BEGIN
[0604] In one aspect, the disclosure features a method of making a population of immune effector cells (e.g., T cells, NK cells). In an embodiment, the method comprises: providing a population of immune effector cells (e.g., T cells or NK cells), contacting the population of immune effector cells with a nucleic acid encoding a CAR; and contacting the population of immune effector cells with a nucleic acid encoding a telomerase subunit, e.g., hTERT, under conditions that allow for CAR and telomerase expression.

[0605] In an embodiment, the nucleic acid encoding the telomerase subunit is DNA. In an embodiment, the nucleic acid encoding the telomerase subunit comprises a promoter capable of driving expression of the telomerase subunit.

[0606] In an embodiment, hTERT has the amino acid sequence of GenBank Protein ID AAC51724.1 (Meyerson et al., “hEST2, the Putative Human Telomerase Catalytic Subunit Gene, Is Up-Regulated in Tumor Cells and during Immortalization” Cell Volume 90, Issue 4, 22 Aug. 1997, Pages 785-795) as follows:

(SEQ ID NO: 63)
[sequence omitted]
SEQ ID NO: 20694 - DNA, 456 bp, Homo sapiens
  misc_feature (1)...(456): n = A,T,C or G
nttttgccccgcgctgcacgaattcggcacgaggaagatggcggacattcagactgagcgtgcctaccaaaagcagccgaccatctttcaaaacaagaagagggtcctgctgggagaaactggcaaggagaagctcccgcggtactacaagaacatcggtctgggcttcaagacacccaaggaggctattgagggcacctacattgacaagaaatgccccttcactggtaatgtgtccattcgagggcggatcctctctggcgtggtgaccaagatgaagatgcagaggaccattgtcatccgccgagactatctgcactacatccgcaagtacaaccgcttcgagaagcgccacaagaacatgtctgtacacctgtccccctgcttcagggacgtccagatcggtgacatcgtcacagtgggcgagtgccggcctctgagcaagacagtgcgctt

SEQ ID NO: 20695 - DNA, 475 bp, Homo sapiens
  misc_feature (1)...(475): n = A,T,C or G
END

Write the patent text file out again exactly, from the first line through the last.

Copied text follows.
[0604] In one aspect, the disclosure features a method of making a population of immune effector cells (e.g., T cells, NK cells). In an embodiment, the method comprises: providing a population of immune effector cells (e.g., T cells or NK cells), contacting the population of immune effector cells with a nucleic acid encoding a CAR; and contacting the population of immune effector cells with a nucleic acid encoding a telomerase subunit, e.g., hTERT, under conditions that allow for CAR and telomerase expression.

[0605] In an embodiment, the nucleic acid encoding the telomerase subunit is DNA. In an embodiment, the nucleic acid encoding the telomerase subunit comprises a promoter capable of driving expression of the telomerase subunit.

[0606] In an embodiment, hTERT has the amino acid sequence of GenBank Protein ID AAC51724.1 (Meyerson et al., “hEST2, the Putative Human Telomerase Catalytic Subunit Gene, Is Up-Regulated in Tumor Cells and during Immortalization” Cell Volume 90, Issue 4, 22 Aug. 1997, Pages 785-795) as follows:

(SEQ ID NO: 63)
[sequence omitted]
SEQ ID NO: 20694 - DNA, 456 bp, Homo sapiens
  misc_feature (1)...(456): n = A,T,C or G
nttttgccccgcgctgcacgaattcggcacgaggaagatggcggacattcagactgagcgtgcctaccaaaagcagccgaccatctttcaaaacaagaagagggtcctgctgggagaaactggcaaggagaagctcccgcggtactacaagaacatcggtctgggcttcaagacacccaaggaggctattgagggcacctacattgacaagaaatgccccttcactggtaatgtgtccattcgagggcggatcctctctggcgtggtgaccaagatgaagatgcagaggaccattgtcatccgccgagactatctgcactacatccgcaagtacaaccgcttcgagaagcgccacaagaacatgtctgtacacctgtccccctgcttcagggacgtccagatcggtgacatcgtcacagtgggcgagtgccggcctctgagcaagacagtgcgctt

SEQ ID NO: 20695 - DNA, 475 bp, Homo sapiens
  misc_feature (1)...(475): n = A,T,C or G